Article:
Sunday, December 13, 2015

Saying Good-bye is So Very Hard to Do

       How do I say good-bye to kids that have been part of my every thought for the past three years? I have become a person in their lives that has not let them down. I have taught them that school is okay. That learning can happen and can even be fun! When we are in class, I think that for a little while we all forget our out of school circumstances. I think that we all have hope for  brighter futures When we are together we work hard to make sense of the Common Core Standards in all of our subjects.We don't bad mouth the Common Core because there are many solid learning objectives in them. Objectives that may open our minds to think deeply and critically. Objectives that will keep the kids talking to each other long after the school day has ended. Isn't this what we want?
     Tonight I am thinking critically and deeply. I didn't expect opportunity to knock mid school year. It's suppose to knock during the summer so there is a clear cut beginning and ending to the school year. Leaving mid school year seems unfair to my students but that's when my opportunity came. The trust that I have built with these students  is partly due to the fact that I am always fair to "my kids". They are my kids! I teach them, I discipline them, I do laundry for them, I feed them, comb their hair, call their parents with good calls and sometimes not so good calls. Their families are my families too. I understand that raising a family is difficult and expensive, and more so if there is only one parent. We all do the best we can.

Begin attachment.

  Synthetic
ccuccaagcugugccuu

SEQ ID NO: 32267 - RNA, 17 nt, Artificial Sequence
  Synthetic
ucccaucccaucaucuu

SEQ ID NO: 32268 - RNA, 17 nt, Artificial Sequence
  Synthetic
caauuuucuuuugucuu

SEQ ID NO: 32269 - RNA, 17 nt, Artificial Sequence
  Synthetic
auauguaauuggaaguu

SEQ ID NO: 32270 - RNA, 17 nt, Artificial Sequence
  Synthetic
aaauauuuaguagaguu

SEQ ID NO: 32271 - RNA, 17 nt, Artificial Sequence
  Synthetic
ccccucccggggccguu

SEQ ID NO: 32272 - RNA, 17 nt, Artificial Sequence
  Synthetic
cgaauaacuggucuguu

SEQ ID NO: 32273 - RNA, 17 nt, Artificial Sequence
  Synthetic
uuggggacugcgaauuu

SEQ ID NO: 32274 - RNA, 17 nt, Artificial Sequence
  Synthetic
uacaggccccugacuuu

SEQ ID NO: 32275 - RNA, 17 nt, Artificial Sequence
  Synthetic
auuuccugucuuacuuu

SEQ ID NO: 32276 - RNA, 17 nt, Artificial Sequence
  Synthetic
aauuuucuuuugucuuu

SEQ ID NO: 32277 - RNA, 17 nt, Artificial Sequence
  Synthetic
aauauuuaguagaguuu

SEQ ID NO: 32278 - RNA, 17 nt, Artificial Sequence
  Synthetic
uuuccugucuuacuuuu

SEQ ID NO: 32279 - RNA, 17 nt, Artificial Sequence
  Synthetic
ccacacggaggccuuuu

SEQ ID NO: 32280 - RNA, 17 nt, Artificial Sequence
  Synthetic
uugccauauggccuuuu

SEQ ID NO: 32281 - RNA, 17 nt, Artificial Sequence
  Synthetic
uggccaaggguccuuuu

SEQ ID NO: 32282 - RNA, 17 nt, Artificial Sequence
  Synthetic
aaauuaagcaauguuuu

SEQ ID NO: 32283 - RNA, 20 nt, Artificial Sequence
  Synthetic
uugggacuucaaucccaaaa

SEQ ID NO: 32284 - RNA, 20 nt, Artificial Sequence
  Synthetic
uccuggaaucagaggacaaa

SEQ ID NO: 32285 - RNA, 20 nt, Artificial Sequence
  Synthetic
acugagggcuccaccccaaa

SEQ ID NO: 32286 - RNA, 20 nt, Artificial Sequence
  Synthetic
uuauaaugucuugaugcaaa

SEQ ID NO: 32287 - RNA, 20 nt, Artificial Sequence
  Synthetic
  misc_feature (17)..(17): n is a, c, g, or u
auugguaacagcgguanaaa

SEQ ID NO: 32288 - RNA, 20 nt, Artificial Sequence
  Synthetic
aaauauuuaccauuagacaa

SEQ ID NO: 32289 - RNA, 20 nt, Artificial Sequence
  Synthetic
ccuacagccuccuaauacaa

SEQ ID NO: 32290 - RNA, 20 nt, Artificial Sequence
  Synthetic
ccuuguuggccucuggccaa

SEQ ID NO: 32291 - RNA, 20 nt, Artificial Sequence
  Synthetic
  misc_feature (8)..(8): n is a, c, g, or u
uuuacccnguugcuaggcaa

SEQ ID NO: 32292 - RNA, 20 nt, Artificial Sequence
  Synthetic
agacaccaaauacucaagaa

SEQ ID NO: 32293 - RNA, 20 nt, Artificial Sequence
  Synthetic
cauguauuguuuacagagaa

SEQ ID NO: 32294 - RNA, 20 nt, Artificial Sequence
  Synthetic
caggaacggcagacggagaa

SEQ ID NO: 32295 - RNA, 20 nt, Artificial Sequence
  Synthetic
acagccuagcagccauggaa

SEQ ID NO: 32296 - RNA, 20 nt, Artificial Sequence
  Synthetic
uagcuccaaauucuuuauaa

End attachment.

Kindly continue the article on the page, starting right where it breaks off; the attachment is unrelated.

So what do I do? Do I answer the door with opportunity knocking? Do I break the news to my kids that they have to finish the year with someone new, causing sadness and anxiety in all of us. Or, do I say no to this opportunity and stay here until June hoping that opportunity comes knocking at my door again. This decision doesn't affect only me, yet the decision is only mine to make.
    Today I handed in my resignation. I had to do it quickly, without thinking too much about it. If I thought too much then I would have been overwhelmed with heartache over leaving a group of terrific kids! Quite honestly I learned more from them than they ever did from me. I have learned to never pass judgement on any of my students or their parents. Their biggest feat of the day is getting themselves to school. Outside of school they are often faced with adult problems and situations that deeply affect them but because they are children they are expected to go with the flow. School is their hope and mine that they can each ultimately find their own way with the skills they have learned in life and in school and run with it.
   Four days left. I have seen signs that "my kids" are anxious with my departure. We have talked a lot about it. They know that I care deeply about them. They know that I expect their full cooperation with their new teacher. I am hoping that technology and the U.S. Postal Service can keep us all in touch for many years to come. I'm hoping that their new teacher and I can connect our classrooms via Skype and do a lesson together. Perhaps all of my kids can make new friends long distance. Isn't technology great?
    Three and a half years ago, I took on a class full of holes and with my students, colleagues, and a few twitter friends made it whole. As I leave, it is my goal to find a way to keep each child in it whole. After I leave, I am no longer their teacher. I can only hope that I was able to plant enough seeds to keep these kids moving forward, beyond their personal circumstances, and to follow their wildest dreams! To the kids in room 215 a piece of my heart will always be with you.

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